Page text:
The New Jersey case most nearly in point is that of Hart v. Seacoast Credit Corp., 115 N.J. Eq. 28 (Ch. 1933), affirme 116 N.J. Eq. 573 (E. A. 1934), in which it was held that a municipal consent or franchise to operate auto buses was subject to levy and execution even though the transfer was subject to approval of the Board of Public Utility Commissioners. Vice Chancellor Bigelow said, at 115 N.J. Eq. 30,
“The only public interest in a sale of bus franchises is that the purchaser be willing and able to operate bus lines in an efficient manner. This policy is served by requiring that the transfer be approved by the utility commissioners; subject to such approval, the holder of the franchises may sell them to anyone he pleases and for any price. I see no reason grounded in public policy why the franchises should not be sold on execution and so I conclude that they can be sold.”
Counsel for the defendant Ciampi argues that a Newark taxicab license differs from a bus franchise. He argues that it is a mere personal privilege having none of the characteristics of property or of rights or credits.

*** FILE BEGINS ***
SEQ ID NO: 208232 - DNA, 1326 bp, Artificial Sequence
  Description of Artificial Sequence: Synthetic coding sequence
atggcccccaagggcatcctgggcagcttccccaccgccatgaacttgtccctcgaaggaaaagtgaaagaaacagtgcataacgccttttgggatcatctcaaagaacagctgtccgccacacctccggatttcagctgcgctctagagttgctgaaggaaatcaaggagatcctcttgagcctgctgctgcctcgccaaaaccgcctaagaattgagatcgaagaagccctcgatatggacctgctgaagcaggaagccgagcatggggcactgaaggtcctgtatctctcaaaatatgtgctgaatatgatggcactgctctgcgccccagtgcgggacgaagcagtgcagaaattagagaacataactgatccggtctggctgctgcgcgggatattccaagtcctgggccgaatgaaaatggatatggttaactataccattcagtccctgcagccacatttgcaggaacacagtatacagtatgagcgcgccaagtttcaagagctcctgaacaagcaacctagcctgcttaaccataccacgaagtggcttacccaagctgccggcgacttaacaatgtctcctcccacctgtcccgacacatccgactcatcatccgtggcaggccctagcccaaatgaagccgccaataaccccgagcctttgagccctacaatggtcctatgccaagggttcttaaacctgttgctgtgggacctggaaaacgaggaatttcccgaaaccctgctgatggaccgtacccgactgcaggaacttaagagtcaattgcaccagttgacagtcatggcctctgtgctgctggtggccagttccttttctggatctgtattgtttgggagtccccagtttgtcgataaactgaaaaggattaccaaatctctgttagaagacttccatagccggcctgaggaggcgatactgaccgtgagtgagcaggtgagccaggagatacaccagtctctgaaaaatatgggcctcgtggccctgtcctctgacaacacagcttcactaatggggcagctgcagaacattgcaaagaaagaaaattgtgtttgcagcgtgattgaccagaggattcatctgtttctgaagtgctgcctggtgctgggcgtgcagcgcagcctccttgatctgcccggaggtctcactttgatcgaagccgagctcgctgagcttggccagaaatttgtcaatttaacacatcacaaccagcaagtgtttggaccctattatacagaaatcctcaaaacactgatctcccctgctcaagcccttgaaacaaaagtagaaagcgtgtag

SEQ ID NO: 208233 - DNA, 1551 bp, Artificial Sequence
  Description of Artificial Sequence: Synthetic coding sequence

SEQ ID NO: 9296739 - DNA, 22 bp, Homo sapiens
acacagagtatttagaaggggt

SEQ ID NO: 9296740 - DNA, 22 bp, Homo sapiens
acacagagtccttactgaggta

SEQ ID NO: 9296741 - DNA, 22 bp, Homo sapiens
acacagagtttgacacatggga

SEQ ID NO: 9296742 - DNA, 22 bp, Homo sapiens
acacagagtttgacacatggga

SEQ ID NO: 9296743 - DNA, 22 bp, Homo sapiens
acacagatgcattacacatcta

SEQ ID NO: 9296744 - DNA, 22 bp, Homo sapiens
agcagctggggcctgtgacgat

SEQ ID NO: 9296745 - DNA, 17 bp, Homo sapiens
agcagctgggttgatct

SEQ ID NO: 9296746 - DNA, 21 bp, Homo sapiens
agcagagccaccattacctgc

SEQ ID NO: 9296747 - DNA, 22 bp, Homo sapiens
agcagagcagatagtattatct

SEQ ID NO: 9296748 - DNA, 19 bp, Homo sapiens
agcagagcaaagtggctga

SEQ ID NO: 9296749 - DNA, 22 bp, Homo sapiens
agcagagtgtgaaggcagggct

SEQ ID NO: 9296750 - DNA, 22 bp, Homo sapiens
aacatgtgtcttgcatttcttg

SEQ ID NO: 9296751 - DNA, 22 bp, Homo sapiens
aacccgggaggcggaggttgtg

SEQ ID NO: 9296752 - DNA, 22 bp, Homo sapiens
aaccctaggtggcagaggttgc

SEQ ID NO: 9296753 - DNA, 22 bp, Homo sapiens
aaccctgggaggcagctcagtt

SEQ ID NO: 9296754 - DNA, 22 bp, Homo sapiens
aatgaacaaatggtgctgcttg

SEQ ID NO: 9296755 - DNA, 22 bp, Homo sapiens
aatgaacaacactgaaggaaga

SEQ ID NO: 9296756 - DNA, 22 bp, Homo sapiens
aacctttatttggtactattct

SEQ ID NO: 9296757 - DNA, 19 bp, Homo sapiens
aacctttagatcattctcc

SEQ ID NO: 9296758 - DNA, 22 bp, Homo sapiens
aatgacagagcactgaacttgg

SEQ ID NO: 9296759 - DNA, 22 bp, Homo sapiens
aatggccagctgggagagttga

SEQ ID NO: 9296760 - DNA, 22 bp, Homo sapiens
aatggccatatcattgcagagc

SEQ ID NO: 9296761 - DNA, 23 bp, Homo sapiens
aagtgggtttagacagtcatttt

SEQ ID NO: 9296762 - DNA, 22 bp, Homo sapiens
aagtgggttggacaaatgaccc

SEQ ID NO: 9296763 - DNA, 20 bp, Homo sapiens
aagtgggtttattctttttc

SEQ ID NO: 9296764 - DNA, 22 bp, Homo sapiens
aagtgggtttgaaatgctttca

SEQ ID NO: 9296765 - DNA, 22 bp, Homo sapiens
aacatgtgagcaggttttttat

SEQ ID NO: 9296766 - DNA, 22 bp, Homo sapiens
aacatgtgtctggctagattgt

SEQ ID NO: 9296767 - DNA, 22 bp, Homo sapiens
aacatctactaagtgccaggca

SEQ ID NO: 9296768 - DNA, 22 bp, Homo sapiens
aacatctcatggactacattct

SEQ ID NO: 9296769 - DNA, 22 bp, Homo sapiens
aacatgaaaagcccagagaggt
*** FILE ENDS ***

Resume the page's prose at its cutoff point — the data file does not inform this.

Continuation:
In this as well as other jurisdictions the cases dealing with the subject of whether a license is a property right have differed. We must distinguish first those cases dealing
with non-exclusive licenses of a purely regulatory nature which citizens may enjoy as of common right. In this category are cases such as Garford Trucking, Inc. v. Hoffman, 114 N.J.L. 522
(Sup. Ct. 1935), cited by defendant, dealing with truck registrations. Also included within this category is Stewart v. District of Columbia, (not officially reported) 35 A.2d 247